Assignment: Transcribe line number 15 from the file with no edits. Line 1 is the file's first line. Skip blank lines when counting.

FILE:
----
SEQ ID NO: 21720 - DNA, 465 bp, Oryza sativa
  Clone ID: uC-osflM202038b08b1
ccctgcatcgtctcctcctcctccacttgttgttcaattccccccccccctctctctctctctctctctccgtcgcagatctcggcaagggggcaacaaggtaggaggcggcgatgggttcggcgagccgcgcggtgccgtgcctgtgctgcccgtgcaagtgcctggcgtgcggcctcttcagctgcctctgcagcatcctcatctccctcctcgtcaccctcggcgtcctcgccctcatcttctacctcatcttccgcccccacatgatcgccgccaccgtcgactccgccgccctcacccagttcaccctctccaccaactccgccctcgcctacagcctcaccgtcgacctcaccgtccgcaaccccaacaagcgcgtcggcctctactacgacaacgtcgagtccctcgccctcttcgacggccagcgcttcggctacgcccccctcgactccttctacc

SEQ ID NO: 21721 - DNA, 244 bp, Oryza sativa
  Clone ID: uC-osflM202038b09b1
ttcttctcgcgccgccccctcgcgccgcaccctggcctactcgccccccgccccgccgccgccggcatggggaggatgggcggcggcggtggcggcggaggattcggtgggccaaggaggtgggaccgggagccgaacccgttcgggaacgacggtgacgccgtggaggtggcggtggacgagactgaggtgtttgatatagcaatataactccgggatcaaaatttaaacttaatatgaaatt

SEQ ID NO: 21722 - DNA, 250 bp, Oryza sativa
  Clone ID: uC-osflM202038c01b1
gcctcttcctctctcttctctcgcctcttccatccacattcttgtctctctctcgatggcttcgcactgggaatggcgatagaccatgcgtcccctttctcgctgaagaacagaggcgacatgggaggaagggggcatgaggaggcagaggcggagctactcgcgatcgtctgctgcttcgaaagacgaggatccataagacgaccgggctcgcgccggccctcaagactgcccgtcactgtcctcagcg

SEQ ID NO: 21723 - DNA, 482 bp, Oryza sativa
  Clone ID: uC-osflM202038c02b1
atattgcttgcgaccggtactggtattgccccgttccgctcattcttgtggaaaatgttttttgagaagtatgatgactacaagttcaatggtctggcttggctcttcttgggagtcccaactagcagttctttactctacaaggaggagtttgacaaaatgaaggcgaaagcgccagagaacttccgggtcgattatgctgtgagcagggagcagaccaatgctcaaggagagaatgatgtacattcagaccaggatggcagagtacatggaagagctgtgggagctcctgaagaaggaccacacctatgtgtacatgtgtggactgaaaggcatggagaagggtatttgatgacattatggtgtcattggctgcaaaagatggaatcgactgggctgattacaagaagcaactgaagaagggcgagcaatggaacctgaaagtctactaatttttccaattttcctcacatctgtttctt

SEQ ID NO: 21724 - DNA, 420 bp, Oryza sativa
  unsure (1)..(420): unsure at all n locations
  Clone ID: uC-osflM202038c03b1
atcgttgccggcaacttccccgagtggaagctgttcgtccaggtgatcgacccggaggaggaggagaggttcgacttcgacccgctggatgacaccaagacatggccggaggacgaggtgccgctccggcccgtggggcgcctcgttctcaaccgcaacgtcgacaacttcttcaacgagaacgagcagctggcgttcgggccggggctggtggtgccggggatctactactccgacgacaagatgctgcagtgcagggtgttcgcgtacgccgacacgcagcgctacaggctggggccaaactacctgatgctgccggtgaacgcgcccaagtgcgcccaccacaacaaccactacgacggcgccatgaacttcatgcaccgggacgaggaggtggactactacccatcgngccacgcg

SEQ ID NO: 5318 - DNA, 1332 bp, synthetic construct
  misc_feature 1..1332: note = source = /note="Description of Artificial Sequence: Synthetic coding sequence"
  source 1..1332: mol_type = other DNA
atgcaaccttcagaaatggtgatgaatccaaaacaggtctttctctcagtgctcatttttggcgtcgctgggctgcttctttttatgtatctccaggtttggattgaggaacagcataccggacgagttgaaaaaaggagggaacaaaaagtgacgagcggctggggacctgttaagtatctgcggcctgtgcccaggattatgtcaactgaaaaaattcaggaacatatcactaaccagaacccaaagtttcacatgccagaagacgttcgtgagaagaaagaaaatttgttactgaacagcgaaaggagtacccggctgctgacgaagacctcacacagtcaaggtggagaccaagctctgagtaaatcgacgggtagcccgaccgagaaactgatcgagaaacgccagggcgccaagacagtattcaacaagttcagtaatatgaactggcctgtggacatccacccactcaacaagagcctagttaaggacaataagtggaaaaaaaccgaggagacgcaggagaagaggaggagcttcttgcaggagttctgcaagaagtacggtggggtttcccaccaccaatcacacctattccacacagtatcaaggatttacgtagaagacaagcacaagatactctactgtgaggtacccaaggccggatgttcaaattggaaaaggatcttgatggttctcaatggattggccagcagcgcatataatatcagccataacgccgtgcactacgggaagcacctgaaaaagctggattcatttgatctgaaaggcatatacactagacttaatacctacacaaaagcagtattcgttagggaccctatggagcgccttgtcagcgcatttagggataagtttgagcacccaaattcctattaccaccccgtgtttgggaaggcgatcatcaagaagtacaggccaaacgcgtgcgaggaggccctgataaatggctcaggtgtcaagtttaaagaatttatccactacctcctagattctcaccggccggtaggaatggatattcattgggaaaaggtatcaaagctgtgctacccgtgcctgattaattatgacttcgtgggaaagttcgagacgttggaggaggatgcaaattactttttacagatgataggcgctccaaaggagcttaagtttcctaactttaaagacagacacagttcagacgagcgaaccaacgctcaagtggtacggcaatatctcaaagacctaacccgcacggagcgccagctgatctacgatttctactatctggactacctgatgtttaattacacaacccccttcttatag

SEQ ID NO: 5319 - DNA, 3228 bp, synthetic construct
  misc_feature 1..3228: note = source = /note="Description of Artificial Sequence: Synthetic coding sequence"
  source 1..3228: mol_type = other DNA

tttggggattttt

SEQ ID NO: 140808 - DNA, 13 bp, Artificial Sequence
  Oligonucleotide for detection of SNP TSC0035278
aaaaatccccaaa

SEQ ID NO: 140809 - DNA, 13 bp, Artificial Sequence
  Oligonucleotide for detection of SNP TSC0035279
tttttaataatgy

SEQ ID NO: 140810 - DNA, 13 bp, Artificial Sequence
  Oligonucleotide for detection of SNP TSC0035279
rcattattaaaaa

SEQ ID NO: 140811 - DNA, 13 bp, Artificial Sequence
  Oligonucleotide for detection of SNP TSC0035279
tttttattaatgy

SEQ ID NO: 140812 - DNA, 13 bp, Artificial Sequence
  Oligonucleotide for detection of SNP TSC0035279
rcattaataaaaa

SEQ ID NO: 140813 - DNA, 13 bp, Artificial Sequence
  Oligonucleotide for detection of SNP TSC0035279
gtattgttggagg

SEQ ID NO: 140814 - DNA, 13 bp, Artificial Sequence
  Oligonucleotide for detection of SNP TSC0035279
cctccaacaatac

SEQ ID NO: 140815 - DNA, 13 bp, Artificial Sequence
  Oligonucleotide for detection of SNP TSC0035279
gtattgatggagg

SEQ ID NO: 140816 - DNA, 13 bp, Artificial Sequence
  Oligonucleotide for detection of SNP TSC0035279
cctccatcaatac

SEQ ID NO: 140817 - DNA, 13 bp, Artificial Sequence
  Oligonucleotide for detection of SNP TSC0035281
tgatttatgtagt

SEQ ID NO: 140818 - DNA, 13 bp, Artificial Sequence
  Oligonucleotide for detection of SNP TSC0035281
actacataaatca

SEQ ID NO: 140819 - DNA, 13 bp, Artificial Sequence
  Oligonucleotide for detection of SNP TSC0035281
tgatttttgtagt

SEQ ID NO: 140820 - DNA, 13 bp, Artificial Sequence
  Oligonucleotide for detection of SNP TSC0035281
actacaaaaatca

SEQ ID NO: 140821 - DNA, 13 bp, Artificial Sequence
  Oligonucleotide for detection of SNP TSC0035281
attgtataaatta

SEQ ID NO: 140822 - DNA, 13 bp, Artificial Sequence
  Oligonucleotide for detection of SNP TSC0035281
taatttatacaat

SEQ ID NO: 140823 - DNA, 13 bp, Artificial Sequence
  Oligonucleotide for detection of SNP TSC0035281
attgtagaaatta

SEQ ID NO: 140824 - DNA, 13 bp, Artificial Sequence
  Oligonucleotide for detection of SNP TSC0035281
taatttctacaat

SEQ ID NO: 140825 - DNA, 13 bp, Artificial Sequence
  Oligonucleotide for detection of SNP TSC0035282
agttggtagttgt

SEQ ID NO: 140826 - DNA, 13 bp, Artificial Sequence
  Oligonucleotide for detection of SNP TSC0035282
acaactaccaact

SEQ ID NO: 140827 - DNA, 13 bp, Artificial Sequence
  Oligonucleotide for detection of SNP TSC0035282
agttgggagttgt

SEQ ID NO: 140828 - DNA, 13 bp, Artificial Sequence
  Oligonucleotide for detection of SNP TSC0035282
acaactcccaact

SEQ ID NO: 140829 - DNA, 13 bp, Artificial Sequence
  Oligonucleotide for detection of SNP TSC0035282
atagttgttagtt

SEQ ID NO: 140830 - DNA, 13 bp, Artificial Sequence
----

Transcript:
  Clone ID: uC-osflM202038c03b1